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St. John's | Lot 178

1950 Hudson Commodore Six Convertible Brougham

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$75,000 - $95,000 USD | Not Sold

United States | Plymouth, Michigan

27 July 2013


Chassis No.
50261895
  • The famous “Step-Down” Hudson
  • One of the best-driving cars of the 1950s
  • A desirable body style and highly accessorized

123 bhp, 262 cu. in. inline six-cylinder engine, three-speed manual transmission with overdrive, independent front suspension with coil springs, live rear axle with leaf springs, and four-wheel hydraulic drum brakes. Wheelbase: 124 in.

It fell to an independent automaker to build one of America’s most advanced post-war automobiles, and it is hard to imagine today the impact that Hudson’s “Step-Down” model had upon the market when it was introduced in 1948. Wide, low, and breathtakingly streamlined, the model pioneered unit-body construction on American cars; the driver and passengers literally stepped down as they climbed inside. The result was a car that was exceptionally roomy and comfortable for an entire family, but it stood only 60 inches high and had a very low center of gravity. Handling was superb, as was the performance of top-of-the-line models, resulting in Hudsons cleaning up at NASCAR races in the early 1950s.

The basic “jelly bean” shape of the Step-Down Hudson endured for six years, until 1954, when the company merged with Nash-Kelvinator and formed American Motors. The design has become one of the most popular of its era, and because of their wonderful drivability, many of these Hudsons are still being regularly exercised on the road by their proud owners. The car has been even more immortalized in modern film, appearing as the Paul Newman-voiced “Doc Hudson” in the Pixar animated film Cars.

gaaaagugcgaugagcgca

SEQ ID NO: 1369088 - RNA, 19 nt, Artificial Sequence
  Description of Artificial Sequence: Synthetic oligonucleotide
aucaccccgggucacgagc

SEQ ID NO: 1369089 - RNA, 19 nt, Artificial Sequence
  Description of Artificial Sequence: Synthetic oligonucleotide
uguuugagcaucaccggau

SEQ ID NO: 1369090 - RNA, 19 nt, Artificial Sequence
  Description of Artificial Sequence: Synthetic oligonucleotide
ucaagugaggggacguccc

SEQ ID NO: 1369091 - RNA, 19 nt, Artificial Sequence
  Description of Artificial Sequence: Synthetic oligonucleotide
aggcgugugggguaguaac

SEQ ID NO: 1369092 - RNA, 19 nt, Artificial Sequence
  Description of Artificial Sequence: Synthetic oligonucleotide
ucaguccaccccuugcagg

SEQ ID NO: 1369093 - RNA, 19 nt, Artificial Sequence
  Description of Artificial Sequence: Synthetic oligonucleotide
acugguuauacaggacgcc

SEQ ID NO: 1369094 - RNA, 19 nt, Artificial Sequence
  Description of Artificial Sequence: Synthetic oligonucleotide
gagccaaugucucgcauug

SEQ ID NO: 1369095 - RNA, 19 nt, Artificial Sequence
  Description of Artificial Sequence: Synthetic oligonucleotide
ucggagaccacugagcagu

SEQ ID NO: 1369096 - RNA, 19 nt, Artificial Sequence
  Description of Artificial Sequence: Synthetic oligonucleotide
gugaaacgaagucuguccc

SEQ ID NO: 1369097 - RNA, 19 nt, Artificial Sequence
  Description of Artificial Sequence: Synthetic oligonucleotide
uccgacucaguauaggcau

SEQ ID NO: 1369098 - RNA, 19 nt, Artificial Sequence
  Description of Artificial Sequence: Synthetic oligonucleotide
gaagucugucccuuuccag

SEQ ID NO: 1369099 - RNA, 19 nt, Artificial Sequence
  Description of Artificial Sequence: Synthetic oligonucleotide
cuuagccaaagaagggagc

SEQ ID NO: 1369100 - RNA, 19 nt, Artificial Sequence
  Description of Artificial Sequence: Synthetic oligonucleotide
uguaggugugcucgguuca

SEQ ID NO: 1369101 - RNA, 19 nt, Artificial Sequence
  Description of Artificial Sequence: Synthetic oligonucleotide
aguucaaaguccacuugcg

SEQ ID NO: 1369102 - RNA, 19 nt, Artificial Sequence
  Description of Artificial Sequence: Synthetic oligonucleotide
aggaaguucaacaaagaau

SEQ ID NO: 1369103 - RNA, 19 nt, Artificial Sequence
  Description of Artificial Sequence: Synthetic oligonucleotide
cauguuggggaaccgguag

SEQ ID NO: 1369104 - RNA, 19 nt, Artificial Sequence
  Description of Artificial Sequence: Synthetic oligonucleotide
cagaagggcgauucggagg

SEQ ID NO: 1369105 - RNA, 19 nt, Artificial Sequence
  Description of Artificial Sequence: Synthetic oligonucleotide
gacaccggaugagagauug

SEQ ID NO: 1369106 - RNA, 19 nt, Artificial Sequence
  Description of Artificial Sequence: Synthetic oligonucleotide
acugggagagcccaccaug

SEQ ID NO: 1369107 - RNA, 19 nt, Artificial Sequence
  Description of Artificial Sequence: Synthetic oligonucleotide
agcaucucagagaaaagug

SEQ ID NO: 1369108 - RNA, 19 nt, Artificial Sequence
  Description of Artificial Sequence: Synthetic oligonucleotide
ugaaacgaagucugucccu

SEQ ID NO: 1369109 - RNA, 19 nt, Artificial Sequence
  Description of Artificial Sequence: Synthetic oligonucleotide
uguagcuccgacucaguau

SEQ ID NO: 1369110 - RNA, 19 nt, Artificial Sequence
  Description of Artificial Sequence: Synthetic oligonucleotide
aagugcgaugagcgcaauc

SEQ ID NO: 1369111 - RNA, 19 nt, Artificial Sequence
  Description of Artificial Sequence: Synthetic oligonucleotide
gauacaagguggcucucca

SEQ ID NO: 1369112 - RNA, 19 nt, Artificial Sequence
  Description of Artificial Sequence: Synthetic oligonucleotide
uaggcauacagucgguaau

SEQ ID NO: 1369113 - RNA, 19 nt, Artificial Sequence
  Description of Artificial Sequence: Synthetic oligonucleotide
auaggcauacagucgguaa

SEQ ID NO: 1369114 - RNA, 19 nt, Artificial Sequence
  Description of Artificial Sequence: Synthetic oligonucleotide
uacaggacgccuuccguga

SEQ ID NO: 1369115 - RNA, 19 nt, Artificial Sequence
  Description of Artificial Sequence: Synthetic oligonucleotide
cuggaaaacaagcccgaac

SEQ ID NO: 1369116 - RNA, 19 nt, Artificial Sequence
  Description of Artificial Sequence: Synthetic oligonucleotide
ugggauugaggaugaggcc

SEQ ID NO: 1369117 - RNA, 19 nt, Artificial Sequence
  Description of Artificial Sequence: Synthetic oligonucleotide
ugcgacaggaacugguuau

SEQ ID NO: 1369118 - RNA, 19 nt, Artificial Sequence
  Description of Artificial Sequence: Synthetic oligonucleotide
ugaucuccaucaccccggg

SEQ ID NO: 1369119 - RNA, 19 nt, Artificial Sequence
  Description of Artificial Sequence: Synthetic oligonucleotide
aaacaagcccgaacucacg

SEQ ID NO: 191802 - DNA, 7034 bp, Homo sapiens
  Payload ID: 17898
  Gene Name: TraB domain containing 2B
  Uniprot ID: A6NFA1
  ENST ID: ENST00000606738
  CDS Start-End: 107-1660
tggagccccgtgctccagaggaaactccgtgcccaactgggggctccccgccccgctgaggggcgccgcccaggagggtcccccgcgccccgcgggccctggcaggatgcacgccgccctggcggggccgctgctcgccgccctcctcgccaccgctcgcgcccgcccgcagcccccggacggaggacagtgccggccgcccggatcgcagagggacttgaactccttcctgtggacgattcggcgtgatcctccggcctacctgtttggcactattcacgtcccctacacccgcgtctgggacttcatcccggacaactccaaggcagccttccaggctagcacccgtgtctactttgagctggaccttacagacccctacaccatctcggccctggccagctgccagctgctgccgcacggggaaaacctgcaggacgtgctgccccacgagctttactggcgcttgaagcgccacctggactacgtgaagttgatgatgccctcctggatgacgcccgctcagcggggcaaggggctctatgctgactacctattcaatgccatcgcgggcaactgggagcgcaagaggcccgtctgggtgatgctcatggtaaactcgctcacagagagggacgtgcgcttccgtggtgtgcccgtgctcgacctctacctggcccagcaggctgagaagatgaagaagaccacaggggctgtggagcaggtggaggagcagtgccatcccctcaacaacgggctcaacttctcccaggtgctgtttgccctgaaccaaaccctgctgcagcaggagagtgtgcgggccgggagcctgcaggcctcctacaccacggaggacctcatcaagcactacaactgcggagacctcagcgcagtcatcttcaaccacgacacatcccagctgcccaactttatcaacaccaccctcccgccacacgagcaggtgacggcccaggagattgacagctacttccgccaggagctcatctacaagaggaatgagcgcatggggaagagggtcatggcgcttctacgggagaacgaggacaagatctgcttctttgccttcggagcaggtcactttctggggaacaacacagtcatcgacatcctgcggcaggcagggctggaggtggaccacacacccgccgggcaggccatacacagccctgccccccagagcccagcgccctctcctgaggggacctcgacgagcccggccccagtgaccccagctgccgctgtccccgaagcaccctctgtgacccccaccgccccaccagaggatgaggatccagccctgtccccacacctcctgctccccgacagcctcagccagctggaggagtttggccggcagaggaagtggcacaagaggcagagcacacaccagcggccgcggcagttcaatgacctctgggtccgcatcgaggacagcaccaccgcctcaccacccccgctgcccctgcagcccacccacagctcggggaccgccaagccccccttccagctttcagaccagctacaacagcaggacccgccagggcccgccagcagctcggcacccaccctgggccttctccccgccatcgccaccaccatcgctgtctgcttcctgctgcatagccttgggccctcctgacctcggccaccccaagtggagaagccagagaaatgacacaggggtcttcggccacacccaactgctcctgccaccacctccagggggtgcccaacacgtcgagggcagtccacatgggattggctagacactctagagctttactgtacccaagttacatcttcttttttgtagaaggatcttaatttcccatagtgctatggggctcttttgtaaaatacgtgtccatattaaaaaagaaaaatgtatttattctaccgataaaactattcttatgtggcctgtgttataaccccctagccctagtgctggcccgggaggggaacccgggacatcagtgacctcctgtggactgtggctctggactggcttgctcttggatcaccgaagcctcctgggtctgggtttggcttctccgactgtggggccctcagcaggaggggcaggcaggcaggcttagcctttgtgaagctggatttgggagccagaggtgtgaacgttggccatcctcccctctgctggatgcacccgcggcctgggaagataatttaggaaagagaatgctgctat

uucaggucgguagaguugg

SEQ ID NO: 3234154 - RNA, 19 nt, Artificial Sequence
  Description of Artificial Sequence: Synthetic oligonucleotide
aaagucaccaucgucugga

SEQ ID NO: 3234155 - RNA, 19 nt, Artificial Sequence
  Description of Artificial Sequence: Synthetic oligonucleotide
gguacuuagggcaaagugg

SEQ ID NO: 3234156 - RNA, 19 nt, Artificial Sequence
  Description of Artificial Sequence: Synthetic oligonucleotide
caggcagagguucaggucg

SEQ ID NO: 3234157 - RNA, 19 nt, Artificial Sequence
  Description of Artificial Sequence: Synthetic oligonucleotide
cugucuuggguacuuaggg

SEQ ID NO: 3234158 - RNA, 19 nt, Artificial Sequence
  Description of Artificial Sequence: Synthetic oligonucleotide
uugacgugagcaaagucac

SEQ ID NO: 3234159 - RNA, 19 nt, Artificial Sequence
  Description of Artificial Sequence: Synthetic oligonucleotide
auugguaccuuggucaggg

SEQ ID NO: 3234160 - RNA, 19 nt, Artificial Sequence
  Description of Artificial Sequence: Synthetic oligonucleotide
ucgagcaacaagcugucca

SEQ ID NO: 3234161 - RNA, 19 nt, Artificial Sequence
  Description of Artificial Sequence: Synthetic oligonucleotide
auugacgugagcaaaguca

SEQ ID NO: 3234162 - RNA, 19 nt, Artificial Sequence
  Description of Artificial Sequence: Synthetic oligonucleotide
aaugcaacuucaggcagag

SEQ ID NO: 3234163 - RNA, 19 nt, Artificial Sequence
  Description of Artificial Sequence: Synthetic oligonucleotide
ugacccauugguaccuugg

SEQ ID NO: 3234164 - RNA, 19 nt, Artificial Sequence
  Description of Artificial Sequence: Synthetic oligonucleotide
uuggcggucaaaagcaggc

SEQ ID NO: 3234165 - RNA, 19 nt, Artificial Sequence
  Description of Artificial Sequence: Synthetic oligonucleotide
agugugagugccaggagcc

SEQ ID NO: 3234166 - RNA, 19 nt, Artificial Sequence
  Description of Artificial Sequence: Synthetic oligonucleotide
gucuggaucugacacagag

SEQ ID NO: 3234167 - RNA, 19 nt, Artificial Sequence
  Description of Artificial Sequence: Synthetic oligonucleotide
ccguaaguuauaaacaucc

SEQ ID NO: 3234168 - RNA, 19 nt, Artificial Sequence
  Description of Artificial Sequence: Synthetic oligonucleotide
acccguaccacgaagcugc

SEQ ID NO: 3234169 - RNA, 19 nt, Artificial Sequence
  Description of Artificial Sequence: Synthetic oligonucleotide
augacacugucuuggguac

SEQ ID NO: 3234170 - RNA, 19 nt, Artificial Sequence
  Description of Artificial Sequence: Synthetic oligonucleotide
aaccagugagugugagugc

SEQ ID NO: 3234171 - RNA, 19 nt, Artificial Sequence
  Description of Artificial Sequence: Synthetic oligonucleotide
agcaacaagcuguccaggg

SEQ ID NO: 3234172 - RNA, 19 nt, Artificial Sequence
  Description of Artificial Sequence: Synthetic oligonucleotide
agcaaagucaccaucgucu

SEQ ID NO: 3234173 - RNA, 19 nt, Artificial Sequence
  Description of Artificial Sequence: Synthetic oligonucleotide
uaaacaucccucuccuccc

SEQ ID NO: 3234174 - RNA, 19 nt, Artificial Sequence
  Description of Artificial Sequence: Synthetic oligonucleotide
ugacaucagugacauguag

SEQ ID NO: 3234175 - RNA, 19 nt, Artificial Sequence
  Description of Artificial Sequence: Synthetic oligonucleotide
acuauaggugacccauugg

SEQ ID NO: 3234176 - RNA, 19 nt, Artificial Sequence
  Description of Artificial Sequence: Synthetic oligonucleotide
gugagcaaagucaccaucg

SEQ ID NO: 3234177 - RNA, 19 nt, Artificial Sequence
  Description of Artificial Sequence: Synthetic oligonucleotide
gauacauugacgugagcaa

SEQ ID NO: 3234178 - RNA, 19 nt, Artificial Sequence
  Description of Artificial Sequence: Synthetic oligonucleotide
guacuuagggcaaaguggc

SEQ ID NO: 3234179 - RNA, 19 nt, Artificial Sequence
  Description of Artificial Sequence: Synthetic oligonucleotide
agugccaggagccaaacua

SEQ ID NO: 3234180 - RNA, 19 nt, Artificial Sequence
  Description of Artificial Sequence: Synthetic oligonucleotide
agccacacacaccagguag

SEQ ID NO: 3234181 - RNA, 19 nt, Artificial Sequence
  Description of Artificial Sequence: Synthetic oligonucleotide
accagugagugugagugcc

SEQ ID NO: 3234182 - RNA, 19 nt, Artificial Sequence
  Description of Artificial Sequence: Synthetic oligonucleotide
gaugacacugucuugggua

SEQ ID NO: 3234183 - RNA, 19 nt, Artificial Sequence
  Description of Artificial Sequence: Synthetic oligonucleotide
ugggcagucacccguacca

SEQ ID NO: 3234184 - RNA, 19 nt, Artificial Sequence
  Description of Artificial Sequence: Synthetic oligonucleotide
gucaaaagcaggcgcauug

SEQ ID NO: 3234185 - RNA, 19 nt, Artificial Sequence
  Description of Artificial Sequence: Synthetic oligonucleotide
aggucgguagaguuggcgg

The desirable Commodore Six Convertible Brougham offered here was restored by a long-time Hudson enthusiast; while the restoration has mellowed over time, it remains in very nice condition, and the car would be ideal to drive and enjoy. Very highly accessorized, it is equipped with a correct maroon leather interior, bumper guards, door handle fingernail guards, dual spotlights, fog lights, back-up lights, an overdrive transmission, power windows, a power top, and even an under-dashboard tissue dispenser, as well as wide whitewall tires and chrome wire wheel covers. The Cornish Cream finish is nicely complemented by a tan cloth convertible top.

Advertising for the 1950 Hudson boasted, “Built-in brawn plus sensational beauty…that’s why Hudsons stay young so long! Hudsons are so sweeping in line…so advanced in styling and modern in design…that you naturally know they set the pace in beauty for years to come!” That claim is as true today as it was 63 years ago.

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